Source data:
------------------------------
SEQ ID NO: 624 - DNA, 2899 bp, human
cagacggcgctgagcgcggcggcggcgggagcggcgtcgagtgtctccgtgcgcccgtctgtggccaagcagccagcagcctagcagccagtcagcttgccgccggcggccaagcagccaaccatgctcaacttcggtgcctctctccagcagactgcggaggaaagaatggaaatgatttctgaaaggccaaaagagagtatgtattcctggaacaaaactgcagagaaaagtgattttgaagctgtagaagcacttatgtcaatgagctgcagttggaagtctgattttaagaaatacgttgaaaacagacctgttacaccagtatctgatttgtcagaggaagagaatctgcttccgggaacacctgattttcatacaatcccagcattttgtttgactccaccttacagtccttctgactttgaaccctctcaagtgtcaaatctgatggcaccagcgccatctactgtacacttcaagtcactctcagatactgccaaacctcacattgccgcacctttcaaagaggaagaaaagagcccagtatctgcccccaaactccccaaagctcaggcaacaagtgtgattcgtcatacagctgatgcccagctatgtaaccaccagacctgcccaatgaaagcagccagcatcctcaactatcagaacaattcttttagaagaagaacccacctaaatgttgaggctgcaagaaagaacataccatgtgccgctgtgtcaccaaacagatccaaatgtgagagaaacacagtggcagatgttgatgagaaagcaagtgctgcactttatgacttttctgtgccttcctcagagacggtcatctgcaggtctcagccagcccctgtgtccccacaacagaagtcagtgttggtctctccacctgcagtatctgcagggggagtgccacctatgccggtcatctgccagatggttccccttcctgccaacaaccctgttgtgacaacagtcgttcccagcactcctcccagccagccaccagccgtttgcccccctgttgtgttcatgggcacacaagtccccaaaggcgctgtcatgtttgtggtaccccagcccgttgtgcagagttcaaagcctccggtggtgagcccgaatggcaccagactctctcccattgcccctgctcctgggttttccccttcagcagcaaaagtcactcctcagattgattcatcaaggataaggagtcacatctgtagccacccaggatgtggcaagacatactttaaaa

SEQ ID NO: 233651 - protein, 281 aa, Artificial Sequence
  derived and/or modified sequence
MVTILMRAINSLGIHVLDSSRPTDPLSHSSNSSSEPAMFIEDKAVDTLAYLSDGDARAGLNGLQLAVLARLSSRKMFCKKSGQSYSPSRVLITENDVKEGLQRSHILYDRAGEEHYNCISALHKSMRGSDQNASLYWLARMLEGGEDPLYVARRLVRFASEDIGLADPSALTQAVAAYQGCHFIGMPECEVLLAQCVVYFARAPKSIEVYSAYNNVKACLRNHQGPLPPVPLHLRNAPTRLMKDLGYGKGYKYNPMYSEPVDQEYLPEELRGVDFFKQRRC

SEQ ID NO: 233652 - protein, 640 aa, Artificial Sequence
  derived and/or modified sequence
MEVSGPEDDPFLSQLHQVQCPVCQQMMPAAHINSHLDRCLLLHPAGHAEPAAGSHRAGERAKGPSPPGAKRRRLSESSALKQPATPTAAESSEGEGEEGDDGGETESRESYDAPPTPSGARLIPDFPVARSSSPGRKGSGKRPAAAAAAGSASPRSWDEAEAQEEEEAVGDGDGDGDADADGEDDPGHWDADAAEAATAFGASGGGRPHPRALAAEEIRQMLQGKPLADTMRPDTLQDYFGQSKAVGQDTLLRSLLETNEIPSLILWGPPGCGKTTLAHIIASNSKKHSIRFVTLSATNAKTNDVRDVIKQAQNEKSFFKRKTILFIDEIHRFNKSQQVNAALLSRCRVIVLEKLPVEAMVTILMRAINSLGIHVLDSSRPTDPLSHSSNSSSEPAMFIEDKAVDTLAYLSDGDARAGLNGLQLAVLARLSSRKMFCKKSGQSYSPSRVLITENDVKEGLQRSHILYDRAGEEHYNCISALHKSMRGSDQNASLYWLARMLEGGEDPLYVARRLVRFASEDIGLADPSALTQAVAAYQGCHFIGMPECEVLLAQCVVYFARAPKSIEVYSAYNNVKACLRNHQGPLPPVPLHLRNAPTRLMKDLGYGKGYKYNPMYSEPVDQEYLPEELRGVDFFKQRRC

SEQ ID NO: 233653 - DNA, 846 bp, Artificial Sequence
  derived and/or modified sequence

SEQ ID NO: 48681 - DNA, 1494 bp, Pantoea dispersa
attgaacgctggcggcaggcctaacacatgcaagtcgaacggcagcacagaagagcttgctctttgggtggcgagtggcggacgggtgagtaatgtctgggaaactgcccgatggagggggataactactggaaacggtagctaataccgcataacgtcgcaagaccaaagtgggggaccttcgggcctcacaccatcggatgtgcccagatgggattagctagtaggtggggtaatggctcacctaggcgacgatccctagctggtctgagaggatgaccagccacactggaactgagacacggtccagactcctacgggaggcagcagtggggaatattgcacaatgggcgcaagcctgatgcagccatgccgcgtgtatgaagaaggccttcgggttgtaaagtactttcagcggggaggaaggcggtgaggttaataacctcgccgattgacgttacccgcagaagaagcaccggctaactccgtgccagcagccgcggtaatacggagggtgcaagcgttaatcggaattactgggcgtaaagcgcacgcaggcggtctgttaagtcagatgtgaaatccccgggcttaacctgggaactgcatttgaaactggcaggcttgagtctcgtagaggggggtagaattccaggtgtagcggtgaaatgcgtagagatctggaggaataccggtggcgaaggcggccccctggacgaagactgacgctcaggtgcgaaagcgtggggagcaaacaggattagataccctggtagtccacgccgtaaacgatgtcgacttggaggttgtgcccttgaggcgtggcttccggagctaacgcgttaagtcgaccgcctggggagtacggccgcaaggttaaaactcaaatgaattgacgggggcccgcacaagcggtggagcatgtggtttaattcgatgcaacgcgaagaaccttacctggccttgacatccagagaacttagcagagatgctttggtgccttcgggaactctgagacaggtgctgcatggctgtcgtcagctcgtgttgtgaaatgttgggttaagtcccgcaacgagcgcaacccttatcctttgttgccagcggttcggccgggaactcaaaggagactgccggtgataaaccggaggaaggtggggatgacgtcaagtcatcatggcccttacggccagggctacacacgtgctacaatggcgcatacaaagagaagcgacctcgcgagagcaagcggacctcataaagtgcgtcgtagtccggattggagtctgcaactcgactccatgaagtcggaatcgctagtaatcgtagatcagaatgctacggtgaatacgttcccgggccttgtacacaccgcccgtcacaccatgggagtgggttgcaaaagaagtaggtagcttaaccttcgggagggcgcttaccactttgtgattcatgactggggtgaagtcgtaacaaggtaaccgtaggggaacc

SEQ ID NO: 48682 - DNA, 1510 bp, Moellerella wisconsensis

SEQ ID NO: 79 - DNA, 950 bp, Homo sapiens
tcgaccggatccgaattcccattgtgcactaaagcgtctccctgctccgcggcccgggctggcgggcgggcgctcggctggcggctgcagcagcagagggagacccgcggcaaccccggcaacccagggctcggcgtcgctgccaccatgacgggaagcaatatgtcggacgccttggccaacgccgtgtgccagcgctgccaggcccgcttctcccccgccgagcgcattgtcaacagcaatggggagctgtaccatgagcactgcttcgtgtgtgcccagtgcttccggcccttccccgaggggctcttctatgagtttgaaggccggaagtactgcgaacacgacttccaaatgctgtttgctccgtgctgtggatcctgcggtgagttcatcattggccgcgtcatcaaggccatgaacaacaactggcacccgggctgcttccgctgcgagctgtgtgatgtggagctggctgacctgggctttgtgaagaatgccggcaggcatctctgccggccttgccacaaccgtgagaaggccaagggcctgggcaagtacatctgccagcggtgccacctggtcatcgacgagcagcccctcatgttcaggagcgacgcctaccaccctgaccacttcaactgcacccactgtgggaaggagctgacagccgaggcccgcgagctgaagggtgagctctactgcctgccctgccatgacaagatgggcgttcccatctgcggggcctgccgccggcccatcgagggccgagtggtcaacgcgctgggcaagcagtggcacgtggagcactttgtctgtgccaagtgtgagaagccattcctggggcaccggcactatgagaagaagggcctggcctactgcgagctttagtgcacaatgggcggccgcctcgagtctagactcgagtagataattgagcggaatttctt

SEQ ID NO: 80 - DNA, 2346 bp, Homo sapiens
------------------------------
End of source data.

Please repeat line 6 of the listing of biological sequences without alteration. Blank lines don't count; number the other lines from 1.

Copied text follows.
SEQ ID NO: 233652 - protein, 640 aa, Artificial Sequence